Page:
-9

Ctrl + C

^ Just why?

Can kbd kbd get different formatting? How about a nested samp?

<kbd><kbd><samp>File</samp></kbd> <kbd><samp>Save</samp></kbd></kbd>

File Save

  • 4
    Why would you want to do this? – Santa Claus Aug 10 '14 at 19:01
  • 1
    @SantaClaus That's how the spec says you're supposed to use it. – bjb568 Aug 10 '14 at 19:02
  • @bjb568 what spec? link? – John Dvorak Aug 10 '14 at 19:03
  • @JanDvorak dev.w3.org/html5/spec-preview/the-kbd-element.html – bjb568 Aug 10 '14 at 19:03
  • Not that it matters, but bootstrap added special styling for this. github.com/twbs/bootstrap/issues/14168 – Santa Claus Aug 10 '14 at 19:04
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    Related from MSE: meta.stackexchange.com/questions/215133/… – Santa Claus Aug 10 '14 at 19:07
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    I read @Santa's "Why would you want to do this?" not as why would you want to add <samp> tags but why on earth would you want to use nested <kbd>s anywhere? – Ben Aug 10 '14 at 19:13
  • @Ben Semantic HTML? … – bjb568 Aug 10 '14 at 19:14
  • @Ben When I commented, the question didn't actually say anything about <samp>, so you are correct. – Santa Claus Aug 10 '14 at 19:14
  • Sorry @bjb, I'm not a front-end web-dev so while I understand the concept I still see no need for nested kbd's... I understand from your link that w3 have stated that that is the standard for key-presses but I have no idea why and unless they can convince the ordinary masses it won't be. – Ben Aug 10 '14 at 19:20
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    @Ben One usage is, for example, to identify the sequence (Ctrl+C), (Shift+D) as distinguished from (Ctrl), (C), (Shift), (D) or (Ctrl+C+Shift+D) -- presuming that (Ctrl+C) and (Ctrl+D) are a single "unit" of input each, as it were. – Jason C Aug 10 '14 at 23:25
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    You managed to explain that very well without needing them @Jason! – Ben Aug 11 '14 at 18:51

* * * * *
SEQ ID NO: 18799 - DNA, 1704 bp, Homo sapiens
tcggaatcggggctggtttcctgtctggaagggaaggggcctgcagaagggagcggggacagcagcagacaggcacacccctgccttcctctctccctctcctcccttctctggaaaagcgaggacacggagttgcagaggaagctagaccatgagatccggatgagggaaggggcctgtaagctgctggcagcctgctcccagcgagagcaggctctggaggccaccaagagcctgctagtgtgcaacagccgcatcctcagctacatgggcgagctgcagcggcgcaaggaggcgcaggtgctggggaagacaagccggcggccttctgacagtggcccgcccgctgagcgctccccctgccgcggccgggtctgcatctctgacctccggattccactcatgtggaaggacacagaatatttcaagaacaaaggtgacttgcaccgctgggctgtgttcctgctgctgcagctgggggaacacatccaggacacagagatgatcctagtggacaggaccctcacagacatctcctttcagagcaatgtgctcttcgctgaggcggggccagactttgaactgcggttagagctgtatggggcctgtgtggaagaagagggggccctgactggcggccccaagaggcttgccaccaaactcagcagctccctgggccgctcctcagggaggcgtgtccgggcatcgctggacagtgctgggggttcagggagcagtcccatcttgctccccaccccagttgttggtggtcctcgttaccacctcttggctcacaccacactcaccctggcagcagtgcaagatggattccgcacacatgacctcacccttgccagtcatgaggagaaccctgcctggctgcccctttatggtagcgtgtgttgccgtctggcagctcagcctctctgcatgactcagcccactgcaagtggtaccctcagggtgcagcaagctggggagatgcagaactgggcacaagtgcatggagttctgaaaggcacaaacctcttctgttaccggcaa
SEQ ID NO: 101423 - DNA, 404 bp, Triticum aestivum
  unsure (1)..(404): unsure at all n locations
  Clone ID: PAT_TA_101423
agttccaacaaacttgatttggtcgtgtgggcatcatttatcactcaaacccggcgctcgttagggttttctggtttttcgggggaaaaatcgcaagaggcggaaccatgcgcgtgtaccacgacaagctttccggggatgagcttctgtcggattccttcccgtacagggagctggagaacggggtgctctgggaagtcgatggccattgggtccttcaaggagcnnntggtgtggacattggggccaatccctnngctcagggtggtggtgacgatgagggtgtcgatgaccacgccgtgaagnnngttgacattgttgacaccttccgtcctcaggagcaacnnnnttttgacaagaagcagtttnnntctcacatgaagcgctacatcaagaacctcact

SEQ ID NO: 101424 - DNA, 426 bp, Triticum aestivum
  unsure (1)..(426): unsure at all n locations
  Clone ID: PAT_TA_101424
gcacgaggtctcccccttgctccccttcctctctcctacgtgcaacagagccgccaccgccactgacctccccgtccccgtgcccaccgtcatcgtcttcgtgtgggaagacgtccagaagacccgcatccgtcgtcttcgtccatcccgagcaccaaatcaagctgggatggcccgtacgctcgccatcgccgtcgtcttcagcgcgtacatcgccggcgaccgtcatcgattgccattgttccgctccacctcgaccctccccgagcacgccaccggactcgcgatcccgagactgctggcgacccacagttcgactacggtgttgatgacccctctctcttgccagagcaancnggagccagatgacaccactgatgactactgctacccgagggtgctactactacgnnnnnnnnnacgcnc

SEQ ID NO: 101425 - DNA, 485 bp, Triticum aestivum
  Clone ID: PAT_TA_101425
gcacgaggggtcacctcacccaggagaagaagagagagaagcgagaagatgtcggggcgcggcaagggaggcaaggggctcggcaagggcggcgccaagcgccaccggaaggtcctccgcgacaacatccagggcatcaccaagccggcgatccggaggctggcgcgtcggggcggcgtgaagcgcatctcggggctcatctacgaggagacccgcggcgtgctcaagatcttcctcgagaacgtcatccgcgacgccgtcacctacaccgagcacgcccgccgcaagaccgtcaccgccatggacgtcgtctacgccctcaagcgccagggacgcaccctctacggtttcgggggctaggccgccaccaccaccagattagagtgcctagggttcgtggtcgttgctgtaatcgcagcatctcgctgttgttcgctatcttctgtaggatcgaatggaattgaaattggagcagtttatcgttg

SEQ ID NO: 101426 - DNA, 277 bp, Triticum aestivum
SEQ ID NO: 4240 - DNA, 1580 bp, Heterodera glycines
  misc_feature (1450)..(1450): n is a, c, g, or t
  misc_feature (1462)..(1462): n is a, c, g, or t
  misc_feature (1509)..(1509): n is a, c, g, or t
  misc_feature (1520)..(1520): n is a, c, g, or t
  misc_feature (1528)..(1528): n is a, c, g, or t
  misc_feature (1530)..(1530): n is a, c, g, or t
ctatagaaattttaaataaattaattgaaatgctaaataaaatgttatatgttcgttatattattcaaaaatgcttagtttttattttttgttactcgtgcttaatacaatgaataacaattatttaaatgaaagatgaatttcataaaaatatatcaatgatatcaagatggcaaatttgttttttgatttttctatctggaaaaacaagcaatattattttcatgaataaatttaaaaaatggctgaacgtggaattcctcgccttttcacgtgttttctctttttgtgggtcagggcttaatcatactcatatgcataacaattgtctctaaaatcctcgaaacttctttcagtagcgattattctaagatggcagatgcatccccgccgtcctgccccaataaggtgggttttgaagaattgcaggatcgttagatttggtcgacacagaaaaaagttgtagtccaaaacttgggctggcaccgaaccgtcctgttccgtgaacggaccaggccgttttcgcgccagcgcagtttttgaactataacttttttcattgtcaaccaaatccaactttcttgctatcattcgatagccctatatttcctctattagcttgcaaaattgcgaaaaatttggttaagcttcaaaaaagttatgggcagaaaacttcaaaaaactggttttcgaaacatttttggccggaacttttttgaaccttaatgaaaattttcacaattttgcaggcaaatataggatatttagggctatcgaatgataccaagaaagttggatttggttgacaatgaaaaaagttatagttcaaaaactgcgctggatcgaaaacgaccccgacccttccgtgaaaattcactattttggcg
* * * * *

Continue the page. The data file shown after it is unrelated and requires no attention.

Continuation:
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    @Ben That's not a valid argument against (although I'm not sure why anybody would care to argue either way) as it can be said about virtually all markup. Text has always been effective for communication. Formatting is a bonus. – Jason C Aug 11 '14 at 19:26
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    @JasonC That's part of the feature request - there should be. – bjb568 Aug 11 '14 at 20:35
3

As to why you would want to nest them, here it is from the horse's mouth:

When the kbd element is nested inside another kbd element, it represents an actual key or other single unit of input as appropriate for the input mechanism.

Mozilla give two examples of kbd usage, one of which uses nesting:

<p>Save the document by pressing <kbd><kbd>Ctrl</kbd>+<kbd>S</kbd></kbd></p>

They show the results below on the same page.

  • 1
    The horse is an HTML5 draft, work in progress, containing a rather contrived idea here. The idea might be partly based on usage shown at the start of the question, the Ctrl + C case. Approved HTML specifications do not say anything about nesting kbd (except that syntactically they can be nested). – Jukka K. Korpela Aug 11 '14 at 20:09
  • @JukkaK.Korpela indeed. And indeed I have no particular allegiance--not flogging an unborn horse--just giving the full quote for clarity, as a few were wondering about it since bjb568 first provided the link – Reg Edit Aug 12 '14 at 7:02
1

I was trying to figure out what you were talking about, then I realized I have custom CSS to fix this annoying issue:

kbd kbd, blockquote blockquote {
    background: none;
    border: 0;
    box-shadow: none;
    margin: 0;
    padding: 0;
}

Note I also use these same styles to prevent the annoying nested blockquotes.

  • 2
    I don’t see how this answers any of the questions asked. It may well be a good answer, but to different question. – Jukka K. Korpela Aug 11 '14 at 20:05
0

Nested kbd elements look what they look at SO just because SO defines their style so that they look like buttons of a kind. If you nest them, the result thus looks like a button inside a button. The button-like appearance is meant to make things look like keyboard keys, more or less. The practical implication is that at SO, you should use kbd only for describing keypresses.